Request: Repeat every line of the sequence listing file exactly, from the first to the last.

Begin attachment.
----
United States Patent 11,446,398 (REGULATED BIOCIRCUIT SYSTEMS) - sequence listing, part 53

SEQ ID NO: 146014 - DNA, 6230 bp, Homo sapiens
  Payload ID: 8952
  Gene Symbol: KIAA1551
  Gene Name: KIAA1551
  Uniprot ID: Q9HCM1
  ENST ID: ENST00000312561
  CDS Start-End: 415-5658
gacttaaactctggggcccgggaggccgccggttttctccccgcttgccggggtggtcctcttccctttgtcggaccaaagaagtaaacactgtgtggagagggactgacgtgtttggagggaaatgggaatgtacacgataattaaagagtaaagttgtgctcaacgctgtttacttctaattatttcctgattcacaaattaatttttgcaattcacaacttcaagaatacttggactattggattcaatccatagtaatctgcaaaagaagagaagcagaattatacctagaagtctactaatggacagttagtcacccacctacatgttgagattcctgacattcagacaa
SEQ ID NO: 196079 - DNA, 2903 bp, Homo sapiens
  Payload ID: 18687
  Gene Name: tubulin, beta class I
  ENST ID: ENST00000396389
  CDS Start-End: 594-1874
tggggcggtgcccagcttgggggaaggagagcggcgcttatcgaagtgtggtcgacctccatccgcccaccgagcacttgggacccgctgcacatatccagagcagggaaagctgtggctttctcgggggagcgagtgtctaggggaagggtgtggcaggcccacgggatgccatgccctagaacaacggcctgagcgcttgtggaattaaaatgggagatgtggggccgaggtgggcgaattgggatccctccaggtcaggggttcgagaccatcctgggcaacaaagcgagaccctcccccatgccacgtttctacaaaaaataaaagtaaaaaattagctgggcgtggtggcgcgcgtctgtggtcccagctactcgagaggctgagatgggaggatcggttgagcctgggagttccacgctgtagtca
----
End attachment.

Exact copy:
United States Patent 11,446,398 (REGULATED BIOCIRCUIT SYSTEMS) - sequence listing, part 53

SEQ ID NO: 146014 - DNA, 6230 bp, Homo sapiens
  Payload ID: 8952
  Gene Symbol: KIAA1551
  Gene Name: KIAA1551
  Uniprot ID: Q9HCM1
  ENST ID: ENST00000312561
  CDS Start-End: 415-5658
gacttaaactctggggcccgggaggccgccggttttctccccgcttgccggggtggtcctcttccctttgtcggaccaaagaagtaaacactgtgtggagagggactgacgtgtttggagggaaatgggaatgtacacgataattaaagagtaaagttgtgctcaacgctgtttacttctaattatttcctgattcacaaattaatttttgcaattcacaacttcaagaatacttggactattggattcaatccatagtaatctgcaaaagaagagaagcagaattatacctagaagtctactaatggacagttagtcacccacctacatgttgagattcctgacattcagacaa
SEQ ID NO: 196079 - DNA, 2903 bp, Homo sapiens
  Payload ID: 18687
  Gene Name: tubulin, beta class I
  ENST ID: ENST00000396389
  CDS Start-End: 594-1874
tggggcggtgcccagcttgggggaaggagagcggcgcttatcgaagtgtggtcgacctccatccgcccaccgagcacttgggacccgctgcacatatccagagcagggaaagctgtggctttctcgggggagcgagtgtctaggggaagggtgtggcaggcccacgggatgccatgccctagaacaacggcctgagcgcttgtggaattaaaatgggagatgtggggccgaggtgggcgaattgggatccctccaggtcaggggttcgagaccatcctgggcaacaaagcgagaccctcccccatgccacgtttctacaaaaaataaaagtaaaaaattagctgggcgtggtggcgcgcgtctgtggtcccagctactcgagaggctgagatgggaggatcggttgagcctgggagttccacgctgtagtca